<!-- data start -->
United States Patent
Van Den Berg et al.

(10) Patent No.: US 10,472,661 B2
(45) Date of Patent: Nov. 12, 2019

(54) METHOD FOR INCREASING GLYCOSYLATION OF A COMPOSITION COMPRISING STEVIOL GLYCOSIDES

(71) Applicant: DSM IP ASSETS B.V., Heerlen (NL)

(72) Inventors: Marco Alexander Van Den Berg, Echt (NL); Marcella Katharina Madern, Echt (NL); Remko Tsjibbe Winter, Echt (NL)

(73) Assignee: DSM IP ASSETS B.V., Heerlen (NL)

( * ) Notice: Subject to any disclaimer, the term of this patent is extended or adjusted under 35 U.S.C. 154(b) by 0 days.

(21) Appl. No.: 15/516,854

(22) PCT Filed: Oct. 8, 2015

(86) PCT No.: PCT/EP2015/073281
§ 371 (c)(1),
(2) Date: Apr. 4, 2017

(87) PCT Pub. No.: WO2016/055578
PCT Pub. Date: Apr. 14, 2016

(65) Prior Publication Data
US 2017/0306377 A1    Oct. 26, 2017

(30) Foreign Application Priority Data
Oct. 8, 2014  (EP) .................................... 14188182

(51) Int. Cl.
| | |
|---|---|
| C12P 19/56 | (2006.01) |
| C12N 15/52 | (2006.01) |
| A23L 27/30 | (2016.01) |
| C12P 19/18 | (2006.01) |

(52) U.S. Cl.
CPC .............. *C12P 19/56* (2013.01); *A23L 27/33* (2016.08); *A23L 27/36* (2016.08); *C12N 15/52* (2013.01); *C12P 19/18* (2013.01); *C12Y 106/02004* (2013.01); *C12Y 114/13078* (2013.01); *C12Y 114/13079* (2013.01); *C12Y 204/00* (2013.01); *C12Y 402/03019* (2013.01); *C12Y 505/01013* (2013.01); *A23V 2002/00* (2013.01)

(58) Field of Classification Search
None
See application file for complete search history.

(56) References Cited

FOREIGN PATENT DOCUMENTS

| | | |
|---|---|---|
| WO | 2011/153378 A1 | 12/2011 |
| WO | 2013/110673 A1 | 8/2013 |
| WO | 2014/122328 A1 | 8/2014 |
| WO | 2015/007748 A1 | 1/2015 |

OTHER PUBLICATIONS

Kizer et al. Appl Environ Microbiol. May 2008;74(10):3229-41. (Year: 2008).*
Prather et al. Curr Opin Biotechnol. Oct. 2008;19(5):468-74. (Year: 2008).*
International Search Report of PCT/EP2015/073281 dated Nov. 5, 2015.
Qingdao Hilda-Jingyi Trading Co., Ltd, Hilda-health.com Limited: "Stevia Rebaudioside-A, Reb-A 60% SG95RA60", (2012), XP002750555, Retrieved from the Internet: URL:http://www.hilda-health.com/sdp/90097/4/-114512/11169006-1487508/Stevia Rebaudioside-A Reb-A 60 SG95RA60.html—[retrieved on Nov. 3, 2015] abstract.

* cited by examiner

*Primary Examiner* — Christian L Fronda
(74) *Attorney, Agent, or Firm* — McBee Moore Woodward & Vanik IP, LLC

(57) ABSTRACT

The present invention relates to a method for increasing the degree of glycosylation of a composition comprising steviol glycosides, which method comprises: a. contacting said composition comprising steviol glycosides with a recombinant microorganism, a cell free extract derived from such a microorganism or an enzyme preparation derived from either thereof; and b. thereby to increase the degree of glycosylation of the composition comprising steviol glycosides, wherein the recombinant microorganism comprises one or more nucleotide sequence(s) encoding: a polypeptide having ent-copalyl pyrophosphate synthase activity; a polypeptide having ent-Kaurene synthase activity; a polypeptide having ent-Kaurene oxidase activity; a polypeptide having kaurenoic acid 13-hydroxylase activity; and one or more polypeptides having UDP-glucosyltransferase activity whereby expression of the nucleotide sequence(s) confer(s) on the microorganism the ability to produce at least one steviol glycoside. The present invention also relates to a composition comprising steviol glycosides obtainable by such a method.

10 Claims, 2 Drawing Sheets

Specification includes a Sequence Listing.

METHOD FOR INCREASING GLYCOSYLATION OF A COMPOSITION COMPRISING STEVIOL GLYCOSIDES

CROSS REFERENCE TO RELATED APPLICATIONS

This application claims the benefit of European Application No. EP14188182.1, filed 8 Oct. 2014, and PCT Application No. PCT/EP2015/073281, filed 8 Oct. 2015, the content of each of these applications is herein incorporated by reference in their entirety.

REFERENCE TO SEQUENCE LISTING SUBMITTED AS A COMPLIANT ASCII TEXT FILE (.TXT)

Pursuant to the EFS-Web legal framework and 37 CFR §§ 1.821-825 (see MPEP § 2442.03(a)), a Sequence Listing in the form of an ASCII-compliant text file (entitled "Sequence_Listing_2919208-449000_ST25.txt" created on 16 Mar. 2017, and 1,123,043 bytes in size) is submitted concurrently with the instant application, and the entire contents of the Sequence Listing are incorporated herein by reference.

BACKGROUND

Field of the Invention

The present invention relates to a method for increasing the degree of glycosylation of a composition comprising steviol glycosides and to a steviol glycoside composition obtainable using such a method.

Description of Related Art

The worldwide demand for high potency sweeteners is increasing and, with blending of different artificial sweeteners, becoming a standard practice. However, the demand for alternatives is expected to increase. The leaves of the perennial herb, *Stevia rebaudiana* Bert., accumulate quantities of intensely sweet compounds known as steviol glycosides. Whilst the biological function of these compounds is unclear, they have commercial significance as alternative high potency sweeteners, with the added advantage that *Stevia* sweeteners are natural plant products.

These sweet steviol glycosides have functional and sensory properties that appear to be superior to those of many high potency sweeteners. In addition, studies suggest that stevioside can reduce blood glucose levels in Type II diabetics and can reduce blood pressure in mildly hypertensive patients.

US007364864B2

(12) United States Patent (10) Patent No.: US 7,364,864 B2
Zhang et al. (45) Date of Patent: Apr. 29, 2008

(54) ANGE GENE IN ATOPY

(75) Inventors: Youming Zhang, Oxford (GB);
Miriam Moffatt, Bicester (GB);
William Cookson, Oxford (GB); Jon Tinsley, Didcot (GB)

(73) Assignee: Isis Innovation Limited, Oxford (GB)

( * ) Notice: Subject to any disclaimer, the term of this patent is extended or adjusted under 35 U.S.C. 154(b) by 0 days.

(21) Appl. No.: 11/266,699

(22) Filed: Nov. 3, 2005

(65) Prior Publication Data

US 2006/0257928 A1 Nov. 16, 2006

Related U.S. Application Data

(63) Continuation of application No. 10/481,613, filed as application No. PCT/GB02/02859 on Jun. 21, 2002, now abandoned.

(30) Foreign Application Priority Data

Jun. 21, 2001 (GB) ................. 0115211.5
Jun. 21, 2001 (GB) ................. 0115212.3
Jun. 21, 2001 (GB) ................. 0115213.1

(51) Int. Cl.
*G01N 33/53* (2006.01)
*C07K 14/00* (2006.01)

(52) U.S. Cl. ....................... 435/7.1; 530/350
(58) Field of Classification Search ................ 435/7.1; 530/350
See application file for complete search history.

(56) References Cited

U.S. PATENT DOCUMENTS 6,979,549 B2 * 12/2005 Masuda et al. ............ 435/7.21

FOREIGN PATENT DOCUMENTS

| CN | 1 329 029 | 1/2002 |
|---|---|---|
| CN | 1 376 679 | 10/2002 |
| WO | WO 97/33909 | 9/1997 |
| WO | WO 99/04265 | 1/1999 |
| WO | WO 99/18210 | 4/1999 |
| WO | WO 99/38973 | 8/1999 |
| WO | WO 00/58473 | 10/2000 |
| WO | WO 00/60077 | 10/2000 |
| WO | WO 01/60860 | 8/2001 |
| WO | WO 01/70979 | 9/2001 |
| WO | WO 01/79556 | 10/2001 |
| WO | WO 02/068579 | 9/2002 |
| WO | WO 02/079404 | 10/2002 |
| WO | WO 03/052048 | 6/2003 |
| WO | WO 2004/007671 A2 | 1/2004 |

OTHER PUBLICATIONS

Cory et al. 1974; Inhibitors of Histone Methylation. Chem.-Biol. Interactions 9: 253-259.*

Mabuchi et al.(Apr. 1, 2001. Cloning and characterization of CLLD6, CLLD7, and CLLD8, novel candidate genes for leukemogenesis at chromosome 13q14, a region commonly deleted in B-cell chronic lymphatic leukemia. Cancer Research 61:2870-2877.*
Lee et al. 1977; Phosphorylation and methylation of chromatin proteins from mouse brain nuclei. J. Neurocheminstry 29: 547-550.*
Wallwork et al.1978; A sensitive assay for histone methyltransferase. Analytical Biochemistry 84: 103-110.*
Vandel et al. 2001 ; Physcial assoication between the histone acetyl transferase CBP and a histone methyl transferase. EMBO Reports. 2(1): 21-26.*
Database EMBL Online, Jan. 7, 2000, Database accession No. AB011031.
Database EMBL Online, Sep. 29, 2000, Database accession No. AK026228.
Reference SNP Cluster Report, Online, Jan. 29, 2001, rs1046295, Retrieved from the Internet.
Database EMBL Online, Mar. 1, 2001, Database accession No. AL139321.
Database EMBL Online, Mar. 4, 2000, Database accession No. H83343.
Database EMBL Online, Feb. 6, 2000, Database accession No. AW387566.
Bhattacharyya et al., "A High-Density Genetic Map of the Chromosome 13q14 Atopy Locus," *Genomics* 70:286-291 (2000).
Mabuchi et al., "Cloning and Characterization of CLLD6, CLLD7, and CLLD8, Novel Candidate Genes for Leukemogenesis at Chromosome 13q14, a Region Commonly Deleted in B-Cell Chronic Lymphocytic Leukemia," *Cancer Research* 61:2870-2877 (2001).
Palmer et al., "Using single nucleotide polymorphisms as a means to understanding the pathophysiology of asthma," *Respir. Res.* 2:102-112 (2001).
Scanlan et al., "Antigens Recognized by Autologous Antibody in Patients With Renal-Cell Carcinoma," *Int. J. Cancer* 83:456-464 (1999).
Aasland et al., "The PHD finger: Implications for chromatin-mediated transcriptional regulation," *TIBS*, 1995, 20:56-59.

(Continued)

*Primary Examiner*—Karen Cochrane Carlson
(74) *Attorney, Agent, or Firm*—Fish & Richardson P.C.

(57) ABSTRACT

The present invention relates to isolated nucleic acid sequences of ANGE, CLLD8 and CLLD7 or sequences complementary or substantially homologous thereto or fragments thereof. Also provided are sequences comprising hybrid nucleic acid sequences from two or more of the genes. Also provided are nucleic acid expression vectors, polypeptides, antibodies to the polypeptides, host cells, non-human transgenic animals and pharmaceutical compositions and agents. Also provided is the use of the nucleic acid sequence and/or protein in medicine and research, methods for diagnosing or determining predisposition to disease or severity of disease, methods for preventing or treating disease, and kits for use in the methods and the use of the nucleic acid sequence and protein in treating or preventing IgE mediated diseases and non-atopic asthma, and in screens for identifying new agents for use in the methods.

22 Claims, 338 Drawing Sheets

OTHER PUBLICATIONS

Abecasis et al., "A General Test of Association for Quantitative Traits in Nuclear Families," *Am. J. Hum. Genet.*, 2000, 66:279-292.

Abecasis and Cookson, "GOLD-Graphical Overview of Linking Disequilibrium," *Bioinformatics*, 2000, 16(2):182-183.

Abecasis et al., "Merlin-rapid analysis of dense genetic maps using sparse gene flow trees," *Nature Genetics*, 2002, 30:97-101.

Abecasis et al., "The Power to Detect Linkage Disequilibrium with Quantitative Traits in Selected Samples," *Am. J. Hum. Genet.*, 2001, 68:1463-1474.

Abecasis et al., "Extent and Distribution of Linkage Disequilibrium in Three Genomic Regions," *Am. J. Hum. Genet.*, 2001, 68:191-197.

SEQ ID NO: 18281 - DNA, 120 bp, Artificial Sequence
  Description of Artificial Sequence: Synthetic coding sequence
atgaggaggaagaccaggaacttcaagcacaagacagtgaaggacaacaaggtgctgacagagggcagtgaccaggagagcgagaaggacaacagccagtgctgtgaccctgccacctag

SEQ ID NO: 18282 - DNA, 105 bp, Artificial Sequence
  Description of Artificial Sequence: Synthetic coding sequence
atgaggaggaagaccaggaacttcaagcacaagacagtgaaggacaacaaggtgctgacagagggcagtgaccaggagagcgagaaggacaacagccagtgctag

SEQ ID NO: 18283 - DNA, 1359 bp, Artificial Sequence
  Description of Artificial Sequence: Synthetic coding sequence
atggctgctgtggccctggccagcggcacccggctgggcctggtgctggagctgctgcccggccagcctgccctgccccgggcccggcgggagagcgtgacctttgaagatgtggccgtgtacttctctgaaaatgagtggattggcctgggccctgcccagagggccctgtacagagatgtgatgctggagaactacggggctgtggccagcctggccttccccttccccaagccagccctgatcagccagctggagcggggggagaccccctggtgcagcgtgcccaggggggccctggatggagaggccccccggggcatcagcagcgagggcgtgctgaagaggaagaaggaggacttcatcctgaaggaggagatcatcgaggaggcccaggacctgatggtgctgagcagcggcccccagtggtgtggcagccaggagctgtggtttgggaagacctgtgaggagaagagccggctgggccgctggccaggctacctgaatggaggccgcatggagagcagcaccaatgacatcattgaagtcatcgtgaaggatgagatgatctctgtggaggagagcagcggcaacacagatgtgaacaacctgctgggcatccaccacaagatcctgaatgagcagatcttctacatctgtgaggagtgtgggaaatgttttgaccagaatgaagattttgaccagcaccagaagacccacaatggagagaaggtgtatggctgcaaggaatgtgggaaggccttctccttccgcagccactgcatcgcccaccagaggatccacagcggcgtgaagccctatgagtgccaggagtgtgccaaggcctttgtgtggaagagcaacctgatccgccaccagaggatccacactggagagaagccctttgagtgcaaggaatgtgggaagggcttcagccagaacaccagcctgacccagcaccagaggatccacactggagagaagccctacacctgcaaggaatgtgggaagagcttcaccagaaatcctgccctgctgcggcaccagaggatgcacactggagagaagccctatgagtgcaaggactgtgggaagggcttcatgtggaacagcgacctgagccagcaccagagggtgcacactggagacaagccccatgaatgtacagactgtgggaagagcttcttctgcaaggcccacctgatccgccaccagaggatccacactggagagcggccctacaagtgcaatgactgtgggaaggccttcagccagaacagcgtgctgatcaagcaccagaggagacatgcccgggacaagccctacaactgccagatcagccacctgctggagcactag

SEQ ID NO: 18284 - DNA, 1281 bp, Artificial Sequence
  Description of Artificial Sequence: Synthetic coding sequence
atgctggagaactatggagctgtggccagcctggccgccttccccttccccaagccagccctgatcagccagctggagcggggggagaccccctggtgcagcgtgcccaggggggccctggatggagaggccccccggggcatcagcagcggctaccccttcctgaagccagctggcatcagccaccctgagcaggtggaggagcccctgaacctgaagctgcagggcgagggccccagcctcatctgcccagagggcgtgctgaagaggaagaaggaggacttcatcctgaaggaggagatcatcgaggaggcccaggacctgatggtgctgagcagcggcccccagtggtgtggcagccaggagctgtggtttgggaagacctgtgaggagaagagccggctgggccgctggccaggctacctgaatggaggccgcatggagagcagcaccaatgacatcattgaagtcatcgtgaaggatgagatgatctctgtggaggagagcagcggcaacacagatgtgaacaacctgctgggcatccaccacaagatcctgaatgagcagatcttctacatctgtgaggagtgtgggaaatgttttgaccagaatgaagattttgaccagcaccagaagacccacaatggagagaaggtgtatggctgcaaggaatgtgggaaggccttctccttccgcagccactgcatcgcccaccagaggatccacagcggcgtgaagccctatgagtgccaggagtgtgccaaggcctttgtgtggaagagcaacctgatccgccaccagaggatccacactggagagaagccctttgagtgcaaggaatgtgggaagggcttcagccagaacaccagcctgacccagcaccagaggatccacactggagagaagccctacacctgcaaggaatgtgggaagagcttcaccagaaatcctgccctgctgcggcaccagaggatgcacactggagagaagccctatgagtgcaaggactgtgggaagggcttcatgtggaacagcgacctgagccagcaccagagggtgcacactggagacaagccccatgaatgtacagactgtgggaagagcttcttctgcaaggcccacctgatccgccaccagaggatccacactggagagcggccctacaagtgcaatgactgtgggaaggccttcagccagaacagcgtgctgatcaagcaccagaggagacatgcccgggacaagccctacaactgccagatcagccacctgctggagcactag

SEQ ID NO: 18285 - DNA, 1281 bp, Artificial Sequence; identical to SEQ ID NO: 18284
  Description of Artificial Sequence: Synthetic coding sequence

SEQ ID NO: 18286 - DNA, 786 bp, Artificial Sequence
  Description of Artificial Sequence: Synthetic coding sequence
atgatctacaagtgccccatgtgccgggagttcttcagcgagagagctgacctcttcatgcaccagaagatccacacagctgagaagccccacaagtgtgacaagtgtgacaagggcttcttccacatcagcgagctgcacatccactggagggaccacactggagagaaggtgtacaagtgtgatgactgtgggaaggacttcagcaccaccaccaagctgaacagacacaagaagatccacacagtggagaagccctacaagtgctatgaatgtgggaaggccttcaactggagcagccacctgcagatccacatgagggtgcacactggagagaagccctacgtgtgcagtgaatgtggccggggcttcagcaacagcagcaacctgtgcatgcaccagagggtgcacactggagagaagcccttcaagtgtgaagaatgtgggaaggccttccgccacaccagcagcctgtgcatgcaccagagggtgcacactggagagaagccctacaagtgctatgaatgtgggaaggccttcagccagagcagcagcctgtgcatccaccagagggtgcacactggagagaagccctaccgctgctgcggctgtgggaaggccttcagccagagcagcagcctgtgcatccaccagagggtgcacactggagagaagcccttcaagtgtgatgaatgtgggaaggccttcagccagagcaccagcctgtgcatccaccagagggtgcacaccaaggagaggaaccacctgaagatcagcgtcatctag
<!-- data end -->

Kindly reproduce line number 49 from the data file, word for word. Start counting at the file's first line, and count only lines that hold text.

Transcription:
(57) ABSTRACT